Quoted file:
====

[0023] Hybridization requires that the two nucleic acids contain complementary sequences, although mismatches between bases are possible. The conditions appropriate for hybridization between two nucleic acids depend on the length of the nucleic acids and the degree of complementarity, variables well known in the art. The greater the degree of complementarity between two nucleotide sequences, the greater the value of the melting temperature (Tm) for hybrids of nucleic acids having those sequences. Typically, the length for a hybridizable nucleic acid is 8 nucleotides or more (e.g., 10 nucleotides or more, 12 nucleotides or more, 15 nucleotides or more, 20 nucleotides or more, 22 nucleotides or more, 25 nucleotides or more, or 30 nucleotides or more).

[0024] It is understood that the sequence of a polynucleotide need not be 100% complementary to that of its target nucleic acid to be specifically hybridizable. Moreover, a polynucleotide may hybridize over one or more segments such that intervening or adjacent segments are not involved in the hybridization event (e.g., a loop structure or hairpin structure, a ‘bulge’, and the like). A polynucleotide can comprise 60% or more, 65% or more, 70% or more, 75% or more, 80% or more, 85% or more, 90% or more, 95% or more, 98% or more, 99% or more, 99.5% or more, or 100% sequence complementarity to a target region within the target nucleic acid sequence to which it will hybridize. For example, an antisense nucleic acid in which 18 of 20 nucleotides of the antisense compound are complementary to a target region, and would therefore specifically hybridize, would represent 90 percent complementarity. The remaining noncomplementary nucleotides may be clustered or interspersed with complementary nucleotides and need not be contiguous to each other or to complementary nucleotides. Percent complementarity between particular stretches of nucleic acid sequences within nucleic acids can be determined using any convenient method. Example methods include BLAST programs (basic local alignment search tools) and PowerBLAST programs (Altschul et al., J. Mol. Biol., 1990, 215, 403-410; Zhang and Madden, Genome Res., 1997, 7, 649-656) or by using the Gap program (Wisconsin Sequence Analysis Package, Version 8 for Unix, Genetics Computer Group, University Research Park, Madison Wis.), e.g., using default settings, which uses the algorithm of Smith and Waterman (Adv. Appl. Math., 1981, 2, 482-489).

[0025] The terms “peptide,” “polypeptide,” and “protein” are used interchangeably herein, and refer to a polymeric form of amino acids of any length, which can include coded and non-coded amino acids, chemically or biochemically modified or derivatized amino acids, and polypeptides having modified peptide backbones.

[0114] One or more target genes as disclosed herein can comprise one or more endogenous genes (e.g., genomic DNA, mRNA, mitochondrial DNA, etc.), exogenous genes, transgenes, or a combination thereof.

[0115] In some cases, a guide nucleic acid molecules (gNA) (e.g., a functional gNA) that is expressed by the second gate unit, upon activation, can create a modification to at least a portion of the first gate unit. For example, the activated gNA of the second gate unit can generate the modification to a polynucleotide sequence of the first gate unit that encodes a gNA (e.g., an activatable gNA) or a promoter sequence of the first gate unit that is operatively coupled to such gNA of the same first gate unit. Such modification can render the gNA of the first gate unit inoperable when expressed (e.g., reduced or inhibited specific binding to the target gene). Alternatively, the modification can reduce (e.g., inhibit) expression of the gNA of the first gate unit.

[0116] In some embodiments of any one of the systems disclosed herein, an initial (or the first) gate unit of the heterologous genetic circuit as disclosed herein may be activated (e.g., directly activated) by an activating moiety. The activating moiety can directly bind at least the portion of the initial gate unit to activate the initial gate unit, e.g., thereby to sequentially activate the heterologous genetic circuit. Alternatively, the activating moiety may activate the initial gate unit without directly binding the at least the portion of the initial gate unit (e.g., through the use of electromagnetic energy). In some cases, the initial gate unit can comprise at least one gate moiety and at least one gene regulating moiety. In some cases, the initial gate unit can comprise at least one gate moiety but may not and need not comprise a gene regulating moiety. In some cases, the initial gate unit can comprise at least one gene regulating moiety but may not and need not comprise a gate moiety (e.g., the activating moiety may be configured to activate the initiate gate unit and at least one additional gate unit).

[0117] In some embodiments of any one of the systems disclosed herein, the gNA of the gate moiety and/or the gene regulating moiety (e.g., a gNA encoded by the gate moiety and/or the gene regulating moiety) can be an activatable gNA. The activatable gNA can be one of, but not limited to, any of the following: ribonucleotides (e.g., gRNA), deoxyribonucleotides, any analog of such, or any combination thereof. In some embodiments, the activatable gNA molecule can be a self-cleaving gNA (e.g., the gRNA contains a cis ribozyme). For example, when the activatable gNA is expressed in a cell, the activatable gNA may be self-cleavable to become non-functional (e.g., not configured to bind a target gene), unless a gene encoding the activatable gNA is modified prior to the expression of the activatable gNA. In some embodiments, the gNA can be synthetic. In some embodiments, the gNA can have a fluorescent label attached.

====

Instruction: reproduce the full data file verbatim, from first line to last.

[0023] Hybridization requires that the two nucleic acids contain complementary sequences, although mismatches between bases are possible. The conditions appropriate for hybridization between two nucleic acids depend on the length of the nucleic acids and the degree of complementarity, variables well known in the art. The greater the degree of complementarity between two nucleotide sequences, the greater the value of the melting temperature (Tm) for hybrids of nucleic acids having those sequences. Typically, the length for a hybridizable nucleic acid is 8 nucleotides or more (e.g., 10 nucleotides or more, 12 nucleotides or more, 15 nucleotides or more, 20 nucleotides or more, 22 nucleotides or more, 25 nucleotides or more, or 30 nucleotides or more).

[0024] It is understood that the sequence of a polynucleotide need not be 100% complementary to that of its target nucleic acid to be specifically hybridizable. Moreover, a polynucleotide may hybridize over one or more segments such that intervening or adjacent segments are not involved in the hybridization event (e.g., a loop structure or hairpin structure, a ‘bulge’, and the like). A polynucleotide can comprise 60% or more, 65% or more, 70% or more, 75% or more, 80% or more, 85% or more, 90% or more, 95% or more, 98% or more, 99% or more, 99.5% or more, or 100% sequence complementarity to a target region within the target nucleic acid sequence to which it will hybridize. For example, an antisense nucleic acid in which 18 of 20 nucleotides of the antisense compound are complementary to a target region, and would therefore specifically hybridize, would represent 90 percent complementarity. The remaining noncomplementary nucleotides may be clustered or interspersed with complementary nucleotides and need not be contiguous to each other or to complementary nucleotides. Percent complementarity between particular stretches of nucleic acid sequences within nucleic acids can be determined using any convenient method. Example methods include BLAST programs (basic local alignment search tools) and PowerBLAST programs (Altschul et al., J. Mol. Biol., 1990, 215, 403-410; Zhang and Madden, Genome Res., 1997, 7, 649-656) or by using the Gap program (Wisconsin Sequence Analysis Package, Version 8 for Unix, Genetics Computer Group, University Research Park, Madison Wis.), e.g., using default settings, which uses the algorithm of Smith and Waterman (Adv. Appl. Math., 1981, 2, 482-489).

[0025] The terms “peptide,” “polypeptide,” and “protein” are used interchangeably herein, and refer to a polymeric form of amino acids of any length, which can include coded and non-coded amino acids, chemically or biochemically modified or derivatized amino acids, and polypeptides having modified peptide backbones.

[0114] One or more target genes as disclosed herein can comprise one or more endogenous genes (e.g., genomic DNA, mRNA, mitochondrial DNA, etc.), exogenous genes, transgenes, or a combination thereof.

[0115] In some cases, a guide nucleic acid molecules (gNA) (e.g., a functional gNA) that is expressed by the second gate unit, upon activation, can create a modification to at least a portion of the first gate unit. For example, the activated gNA of the second gate unit can generate the modification to a polynucleotide sequence of the first gate unit that encodes a gNA (e.g., an activatable gNA) or a promoter sequence of the first gate unit that is operatively coupled to such gNA of the same first gate unit. Such modification can render the gNA of the first gate unit inoperable when expressed (e.g., reduced or inhibited specific binding to the target gene). Alternatively, the modification can reduce (e.g., inhibit) expression of the gNA of the first gate unit.

[0116] In some embodiments of any one of the systems disclosed herein, an initial (or the first) gate unit of the heterologous genetic circuit as disclosed herein may be activated (e.g., directly activated) by an activating moiety. The activating moiety can directly bind at least the portion of the initial gate unit to activate the initial gate unit, e.g., thereby to sequentially activate the heterologous genetic circuit. Alternatively, the activating moiety may activate the initial gate unit without directly binding the at least the portion of the initial gate unit (e.g., through the use of electromagnetic energy). In some cases, the initial gate unit can comprise at least one gate moiety and at least one gene regulating moiety. In some cases, the initial gate unit can comprise at least one gate moiety but may not and need not comprise a gene regulating moiety. In some cases, the initial gate unit can comprise at least one gene regulating moiety but may not and need not comprise a gate moiety (e.g., the activating moiety may be configured to activate the initiate gate unit and at least one additional gate unit).

[0117] In some embodiments of any one of the systems disclosed herein, the gNA of the gate moiety and/or the gene regulating moiety (e.g., a gNA encoded by the gate moiety and/or the gene regulating moiety) can be an activatable gNA. The activatable gNA can be one of, but not limited to, any of the following: ribonucleotides (e.g., gRNA), deoxyribonucleotides, any analog of such, or any combination thereof. In some embodiments, the activatable gNA molecule can be a self-cleaving gNA (e.g., the gRNA contains a cis ribozyme). For example, when the activatable gNA is expressed in a cell, the activatable gNA may be self-cleavable to become non-functional (e.g., not configured to bind a target gene), unless a gene encoding the activatable gNA is modified prior to the expression of the activatable gNA. In some embodiments, the gNA can be synthetic. In some embodiments, the gNA can have a fluorescent label attached.